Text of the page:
A mother and her son, after the death of thier well loved father
The sky cried that night. The moon stilled in the cloudy sky, and even the sun refused to shine well into the morning hours. It was the Earths grief for that irreplaceable soul, the indescribable presence of a genuine man, a man who had for the past forty years of his life, greeted each morning with a similar smile, a bow of the head and a simple good wish. He may have never been successful, never rich or handsome but his charisma and honesty was one to behold. It is what made him loved by all who were warmed by his presence, and love is one thing not all men can truly vouch to have in their life.
He left many behind, all grieved for his Earthly existence, except one. The one he had loved throughout his short, and well lived life. She smiled ever so innocently when they explained that he had slipped away in the early hours of the morning.
She had looked them in the eye, and said “well, I should go home and wait for him to come back then. I hope he carried an umbrella, he will catch his death in this rain.”
They took her words as a sign of denial. It was only expected, after she had lost one so dear to her heart. But days became months, and months turned to years.
“Dear, you know your father doesn’t like you to put your feet on the table, what will you do if he sees you?” She would tell her son. “Don’t unnecessarily ruin dinner.”
Her son would clench his fists and repeat for the hundredth time. “Ma, dad cannot see. He is buried in a graveyard on Breach Street. He is dead.”
She would shake her head and mumble, “Stop talking rubbish.”
Her son soon moved in with his mother. His reason was simple. He could no longer afford the rent for his apartment. In truth, he could very well afford his rent, he was simply worried for his mothers well being.
“It will be stuffy with the three of here, especially since you’re a grown man now, but your father and I won’t mind.”
He would repeat for the thousandth time “It’s only the two of us ma, dad is dead. We buried him in a grave yard on Sunday three years ago.”
She would answer “Boys! They say the strangest things.” On these days, dinner was usually eaten in silence.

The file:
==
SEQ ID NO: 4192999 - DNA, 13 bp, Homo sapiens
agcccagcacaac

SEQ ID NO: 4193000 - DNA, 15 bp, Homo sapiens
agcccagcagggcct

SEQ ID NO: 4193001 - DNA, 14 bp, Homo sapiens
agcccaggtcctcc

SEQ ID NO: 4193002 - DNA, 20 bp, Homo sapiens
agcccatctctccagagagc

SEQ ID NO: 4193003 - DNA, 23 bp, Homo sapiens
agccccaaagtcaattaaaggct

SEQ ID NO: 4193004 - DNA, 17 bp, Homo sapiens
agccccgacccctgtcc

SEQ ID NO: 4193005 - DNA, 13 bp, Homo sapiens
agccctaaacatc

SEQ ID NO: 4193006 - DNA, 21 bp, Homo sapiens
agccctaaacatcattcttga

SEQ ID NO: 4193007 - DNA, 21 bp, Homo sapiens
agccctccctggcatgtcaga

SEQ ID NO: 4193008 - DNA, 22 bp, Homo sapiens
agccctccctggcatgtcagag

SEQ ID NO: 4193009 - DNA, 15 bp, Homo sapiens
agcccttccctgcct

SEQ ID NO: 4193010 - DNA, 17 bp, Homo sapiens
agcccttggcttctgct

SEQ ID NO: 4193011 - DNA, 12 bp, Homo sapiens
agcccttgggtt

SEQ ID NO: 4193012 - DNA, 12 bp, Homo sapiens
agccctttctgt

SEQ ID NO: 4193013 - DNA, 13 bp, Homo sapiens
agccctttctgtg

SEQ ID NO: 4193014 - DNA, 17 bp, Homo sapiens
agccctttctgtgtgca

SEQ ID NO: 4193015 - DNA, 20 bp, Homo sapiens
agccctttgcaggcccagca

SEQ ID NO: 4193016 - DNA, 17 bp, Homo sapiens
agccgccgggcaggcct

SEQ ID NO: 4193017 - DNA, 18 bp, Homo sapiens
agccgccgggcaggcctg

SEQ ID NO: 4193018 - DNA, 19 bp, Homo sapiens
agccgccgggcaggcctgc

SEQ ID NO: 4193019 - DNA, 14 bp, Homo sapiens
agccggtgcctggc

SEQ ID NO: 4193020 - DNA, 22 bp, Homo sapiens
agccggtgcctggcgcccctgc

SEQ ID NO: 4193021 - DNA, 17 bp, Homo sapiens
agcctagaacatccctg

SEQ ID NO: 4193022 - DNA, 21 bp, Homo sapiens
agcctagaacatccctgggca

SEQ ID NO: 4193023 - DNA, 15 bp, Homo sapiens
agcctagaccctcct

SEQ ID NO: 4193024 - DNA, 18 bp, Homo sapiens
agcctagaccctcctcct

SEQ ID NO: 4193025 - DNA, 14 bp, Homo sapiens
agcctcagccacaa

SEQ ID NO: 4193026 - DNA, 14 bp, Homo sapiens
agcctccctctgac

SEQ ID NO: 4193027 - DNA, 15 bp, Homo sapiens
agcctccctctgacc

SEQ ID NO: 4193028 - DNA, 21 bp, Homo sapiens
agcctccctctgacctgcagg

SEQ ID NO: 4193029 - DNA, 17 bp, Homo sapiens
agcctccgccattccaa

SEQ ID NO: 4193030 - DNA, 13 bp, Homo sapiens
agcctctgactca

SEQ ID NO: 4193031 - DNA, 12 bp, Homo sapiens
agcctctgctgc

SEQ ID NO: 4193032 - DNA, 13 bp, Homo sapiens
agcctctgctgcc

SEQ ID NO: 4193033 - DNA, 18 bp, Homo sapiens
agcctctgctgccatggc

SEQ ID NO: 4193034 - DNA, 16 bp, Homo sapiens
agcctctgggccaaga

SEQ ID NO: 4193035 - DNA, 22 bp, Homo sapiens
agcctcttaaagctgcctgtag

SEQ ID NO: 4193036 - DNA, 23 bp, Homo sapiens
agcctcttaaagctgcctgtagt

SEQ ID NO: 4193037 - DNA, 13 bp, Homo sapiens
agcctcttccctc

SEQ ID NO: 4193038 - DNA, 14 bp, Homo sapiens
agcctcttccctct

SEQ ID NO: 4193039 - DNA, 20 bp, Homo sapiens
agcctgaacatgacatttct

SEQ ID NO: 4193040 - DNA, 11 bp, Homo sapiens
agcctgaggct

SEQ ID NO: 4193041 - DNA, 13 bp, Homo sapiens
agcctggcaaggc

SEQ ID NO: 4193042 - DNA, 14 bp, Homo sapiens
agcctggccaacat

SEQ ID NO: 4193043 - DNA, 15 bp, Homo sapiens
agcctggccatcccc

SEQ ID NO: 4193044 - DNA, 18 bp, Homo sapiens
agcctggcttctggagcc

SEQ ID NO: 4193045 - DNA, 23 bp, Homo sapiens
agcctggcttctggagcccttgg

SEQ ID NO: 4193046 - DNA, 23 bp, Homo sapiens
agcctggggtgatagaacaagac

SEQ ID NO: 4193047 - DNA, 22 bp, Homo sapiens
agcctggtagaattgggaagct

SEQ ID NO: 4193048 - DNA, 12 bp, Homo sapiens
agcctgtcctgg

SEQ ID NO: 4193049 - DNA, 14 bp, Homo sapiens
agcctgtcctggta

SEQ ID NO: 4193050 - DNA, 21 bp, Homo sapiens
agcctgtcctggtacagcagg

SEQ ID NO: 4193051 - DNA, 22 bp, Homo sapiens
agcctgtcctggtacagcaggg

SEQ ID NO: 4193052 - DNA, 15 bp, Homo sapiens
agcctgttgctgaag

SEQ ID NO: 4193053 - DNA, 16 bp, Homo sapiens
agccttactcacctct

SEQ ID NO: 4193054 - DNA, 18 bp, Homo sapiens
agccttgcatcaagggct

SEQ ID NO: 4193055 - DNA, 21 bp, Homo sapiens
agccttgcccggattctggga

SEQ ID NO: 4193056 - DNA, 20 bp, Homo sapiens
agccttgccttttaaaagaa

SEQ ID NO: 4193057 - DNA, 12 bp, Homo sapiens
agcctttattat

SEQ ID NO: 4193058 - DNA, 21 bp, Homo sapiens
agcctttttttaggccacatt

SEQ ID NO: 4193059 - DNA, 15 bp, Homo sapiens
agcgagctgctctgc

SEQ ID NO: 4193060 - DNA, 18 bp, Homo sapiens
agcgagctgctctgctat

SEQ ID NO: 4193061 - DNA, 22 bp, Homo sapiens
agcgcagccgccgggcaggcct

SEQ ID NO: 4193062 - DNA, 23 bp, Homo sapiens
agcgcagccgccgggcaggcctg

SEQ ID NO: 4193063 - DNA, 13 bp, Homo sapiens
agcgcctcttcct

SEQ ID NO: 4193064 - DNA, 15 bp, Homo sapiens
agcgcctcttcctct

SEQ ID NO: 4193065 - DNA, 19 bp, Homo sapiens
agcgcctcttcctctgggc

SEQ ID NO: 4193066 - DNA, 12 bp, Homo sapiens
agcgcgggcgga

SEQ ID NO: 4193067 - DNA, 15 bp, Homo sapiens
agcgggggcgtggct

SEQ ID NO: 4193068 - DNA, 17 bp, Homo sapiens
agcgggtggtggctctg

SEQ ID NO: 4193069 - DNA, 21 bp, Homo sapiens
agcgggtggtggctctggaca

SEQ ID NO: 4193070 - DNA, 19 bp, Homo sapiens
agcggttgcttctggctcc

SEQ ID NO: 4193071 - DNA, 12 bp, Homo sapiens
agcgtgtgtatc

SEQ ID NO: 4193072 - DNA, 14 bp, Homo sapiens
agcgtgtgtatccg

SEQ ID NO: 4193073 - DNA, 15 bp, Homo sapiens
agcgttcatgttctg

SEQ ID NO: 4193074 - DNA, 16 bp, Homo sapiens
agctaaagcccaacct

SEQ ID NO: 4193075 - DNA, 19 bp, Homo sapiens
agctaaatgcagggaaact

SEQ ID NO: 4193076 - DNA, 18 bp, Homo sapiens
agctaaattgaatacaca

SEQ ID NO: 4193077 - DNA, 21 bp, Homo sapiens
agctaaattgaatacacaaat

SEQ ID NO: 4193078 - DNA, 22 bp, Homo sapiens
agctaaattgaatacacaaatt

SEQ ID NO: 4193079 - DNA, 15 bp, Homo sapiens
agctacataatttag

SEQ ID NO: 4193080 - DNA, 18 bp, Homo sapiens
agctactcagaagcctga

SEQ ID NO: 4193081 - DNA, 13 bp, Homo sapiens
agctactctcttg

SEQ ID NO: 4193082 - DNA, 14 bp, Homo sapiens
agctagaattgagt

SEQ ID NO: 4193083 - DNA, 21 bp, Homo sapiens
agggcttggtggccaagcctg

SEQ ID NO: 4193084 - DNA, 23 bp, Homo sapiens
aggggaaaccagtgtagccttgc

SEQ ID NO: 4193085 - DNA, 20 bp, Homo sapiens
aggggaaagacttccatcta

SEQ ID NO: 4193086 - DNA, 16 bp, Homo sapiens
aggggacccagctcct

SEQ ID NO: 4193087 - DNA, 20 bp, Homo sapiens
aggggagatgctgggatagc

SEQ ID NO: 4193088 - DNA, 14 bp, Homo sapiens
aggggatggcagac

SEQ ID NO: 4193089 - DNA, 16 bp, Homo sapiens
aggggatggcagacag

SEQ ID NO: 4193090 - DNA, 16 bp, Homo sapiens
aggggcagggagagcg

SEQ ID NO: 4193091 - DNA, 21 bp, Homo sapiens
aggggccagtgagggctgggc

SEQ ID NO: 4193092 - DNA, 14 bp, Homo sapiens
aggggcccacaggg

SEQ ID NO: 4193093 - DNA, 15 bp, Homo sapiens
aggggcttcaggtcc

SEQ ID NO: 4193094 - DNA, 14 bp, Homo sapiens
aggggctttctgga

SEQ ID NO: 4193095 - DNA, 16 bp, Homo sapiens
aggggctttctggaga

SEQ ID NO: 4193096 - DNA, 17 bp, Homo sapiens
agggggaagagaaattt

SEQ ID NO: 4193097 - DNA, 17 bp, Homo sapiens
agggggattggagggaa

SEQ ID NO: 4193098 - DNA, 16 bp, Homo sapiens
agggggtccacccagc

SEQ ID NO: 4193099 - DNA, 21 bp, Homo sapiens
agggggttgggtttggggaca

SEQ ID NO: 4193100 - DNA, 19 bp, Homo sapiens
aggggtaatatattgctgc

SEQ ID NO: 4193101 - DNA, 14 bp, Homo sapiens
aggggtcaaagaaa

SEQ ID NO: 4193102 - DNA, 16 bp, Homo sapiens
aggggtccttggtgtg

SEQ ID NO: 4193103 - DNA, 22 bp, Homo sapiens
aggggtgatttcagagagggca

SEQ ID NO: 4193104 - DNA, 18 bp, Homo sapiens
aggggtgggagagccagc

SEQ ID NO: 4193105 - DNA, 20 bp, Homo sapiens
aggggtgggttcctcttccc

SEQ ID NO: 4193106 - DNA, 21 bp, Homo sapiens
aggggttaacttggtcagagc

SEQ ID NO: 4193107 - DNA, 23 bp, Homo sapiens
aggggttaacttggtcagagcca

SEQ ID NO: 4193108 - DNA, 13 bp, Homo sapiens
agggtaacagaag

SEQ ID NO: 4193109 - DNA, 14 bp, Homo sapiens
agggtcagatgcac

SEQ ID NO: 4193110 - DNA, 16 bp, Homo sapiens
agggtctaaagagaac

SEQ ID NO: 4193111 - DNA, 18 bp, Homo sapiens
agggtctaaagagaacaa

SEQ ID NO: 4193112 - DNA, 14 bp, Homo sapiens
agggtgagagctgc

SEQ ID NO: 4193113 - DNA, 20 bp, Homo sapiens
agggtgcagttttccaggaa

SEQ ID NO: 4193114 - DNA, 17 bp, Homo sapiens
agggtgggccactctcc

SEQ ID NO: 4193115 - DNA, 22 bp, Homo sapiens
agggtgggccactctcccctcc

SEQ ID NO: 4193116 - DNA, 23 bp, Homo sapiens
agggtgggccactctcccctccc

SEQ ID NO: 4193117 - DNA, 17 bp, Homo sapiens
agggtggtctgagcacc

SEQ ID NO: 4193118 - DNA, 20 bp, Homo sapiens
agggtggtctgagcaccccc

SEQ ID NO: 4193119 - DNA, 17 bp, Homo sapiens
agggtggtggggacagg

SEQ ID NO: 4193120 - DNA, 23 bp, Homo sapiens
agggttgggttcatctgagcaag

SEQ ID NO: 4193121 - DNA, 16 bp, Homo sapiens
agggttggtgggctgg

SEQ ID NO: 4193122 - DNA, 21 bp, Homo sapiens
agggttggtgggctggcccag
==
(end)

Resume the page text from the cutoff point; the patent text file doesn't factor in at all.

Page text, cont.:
The boy had tried to have his mother see doctors and counsellors. He tried a medical, psychological and even spiritual approach to this problem, but he could not find anything even close to a solution.
Four years later, the boy’s mother found herself in the same position her husband was in seven years prior, lying in a white hospital bed, sick, with a hacking cough, pale skinned, and without enough strength to keep down whatever food she did not refuse to eat.
“I wonder when your father will get here. He is very late.” She would say when her condition was slightly better. Her son had stopped answering, he had given up all hope that his mother would one day realize he was no longer there.
It was on one particular day, the mother’s condition began to fast rejuvenate, much to the astonishment of the doctors. They claimed she would be healthy enough to return home by the next day.
“Your fathers coming to get me tonight.” She told her son, as he packed her clothes in a plastic bag.
“No ma, he is....”
“Yes, yes, I know he is dead, but that doesn’t mean he is not coming.” she smiled at her son. He shook his head, lowered his eyes, and quietly with a clenched jaw, forced the clothes into the little bag.
The doctors could not understand why she died that night. She seemed healthy the day before. Her son took a round of his mother’s hospital bed; he opened her drawers and the small cabinet, where her pills still remained. There, she had left a note addressed to him, he opened the little pink envelope with trembling hands and quivering lips, pulled out the letter and began to read-
“You always told me ‘Dad cannot see us, he is dead’. It is true, his body is dead, but that is no reason to think he is not still there. He is always with us, even if his body was broken into a thousand pieces.
He was sitting by my bed side, your father. He told me he would take me with him on one of his strolls. He told me to remind you to keep your feet of the table and to ask you to stop worrying for me. He asked me to tell you to go back to your old job, find a wife, and get married, have children, and live a good honest existence. I know you will go on to be a good man, and I will be watching you always.
We will come to see you sometime.
Love mum and dad.”
He kept the letter in a box in his drawer and blew out the dim night candle. “Goodnight ma, goodnight dad.” He whispered with a smile on his face, as he allowed sleep to drown him in happy dreams.